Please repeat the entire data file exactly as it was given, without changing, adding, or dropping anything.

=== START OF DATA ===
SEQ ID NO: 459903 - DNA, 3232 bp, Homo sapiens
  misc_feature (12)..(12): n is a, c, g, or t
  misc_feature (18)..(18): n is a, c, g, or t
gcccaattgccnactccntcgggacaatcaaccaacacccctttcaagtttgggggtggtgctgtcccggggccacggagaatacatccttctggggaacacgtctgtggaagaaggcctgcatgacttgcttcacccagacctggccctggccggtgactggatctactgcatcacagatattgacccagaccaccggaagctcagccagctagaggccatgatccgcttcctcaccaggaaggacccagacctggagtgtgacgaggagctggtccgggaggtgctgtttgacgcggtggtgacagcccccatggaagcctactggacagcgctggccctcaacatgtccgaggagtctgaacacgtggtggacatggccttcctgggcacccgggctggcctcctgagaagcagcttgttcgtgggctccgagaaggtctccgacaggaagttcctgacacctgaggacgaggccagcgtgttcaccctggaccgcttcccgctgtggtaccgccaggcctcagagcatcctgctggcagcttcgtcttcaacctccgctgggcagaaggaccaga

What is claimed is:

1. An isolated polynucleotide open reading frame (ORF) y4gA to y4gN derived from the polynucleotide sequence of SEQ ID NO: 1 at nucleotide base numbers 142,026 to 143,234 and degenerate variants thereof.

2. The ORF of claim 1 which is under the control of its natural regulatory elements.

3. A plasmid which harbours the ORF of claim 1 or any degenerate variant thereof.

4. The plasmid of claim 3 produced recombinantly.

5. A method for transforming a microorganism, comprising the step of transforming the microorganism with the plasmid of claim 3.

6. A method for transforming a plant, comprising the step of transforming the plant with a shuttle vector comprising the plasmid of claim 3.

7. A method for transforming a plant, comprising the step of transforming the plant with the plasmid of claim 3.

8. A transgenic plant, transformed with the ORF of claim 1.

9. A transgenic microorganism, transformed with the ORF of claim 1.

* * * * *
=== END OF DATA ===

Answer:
SEQ ID NO: 459903 - DNA, 3232 bp, Homo sapiens
  misc_feature (12)..(12): n is a, c, g, or t
  misc_feature (18)..(18): n is a, c, g, or t
gcccaattgccnactccntcgggacaatcaaccaacacccctttcaagtttgggggtggtgctgtcccggggccacggagaatacatccttctggggaacacgtctgtggaagaaggcctgcatgacttgcttcacccagacctggccctggccggtgactggatctactgcatcacagatattgacccagaccaccggaagctcagccagctagaggccatgatccgcttcctcaccaggaaggacccagacctggagtgtgacgaggagctggtccgggaggtgctgtttgacgcggtggtgacagcccccatggaagcctactggacagcgctggccctcaacatgtccgaggagtctgaacacgtggtggacatggccttcctgggcacccgggctggcctcctgagaagcagcttgttcgtgggctccgagaaggtctccgacaggaagttcctgacacctgaggacgaggccagcgtgttcaccctggaccgcttcccgctgtggtaccgccaggcctcagagcatcctgctggcagcttcgtcttcaacctccgctgggcagaaggaccaga

What is claimed is:

1. An isolated polynucleotide open reading frame (ORF) y4gA to y4gN derived from the polynucleotide sequence of SEQ ID NO: 1 at nucleotide base numbers 142,026 to 143,234 and degenerate variants thereof.

2. The ORF of claim 1 which is under the control of its natural regulatory elements.

3. A plasmid which harbours the ORF of claim 1 or any degenerate variant thereof.

4. The plasmid of claim 3 produced recombinantly.

5. A method for transforming a microorganism, comprising the step of transforming the microorganism with the plasmid of claim 3.

6. A method for transforming a plant, comprising the step of transforming the plant with a shuttle vector comprising the plasmid of claim 3.

7. A method for transforming a plant, comprising the step of transforming the plant with the plasmid of claim 3.

8. A transgenic plant, transformed with the ORF of claim 1.

9. A transgenic microorganism, transformed with the ORF of claim 1.

* * * * *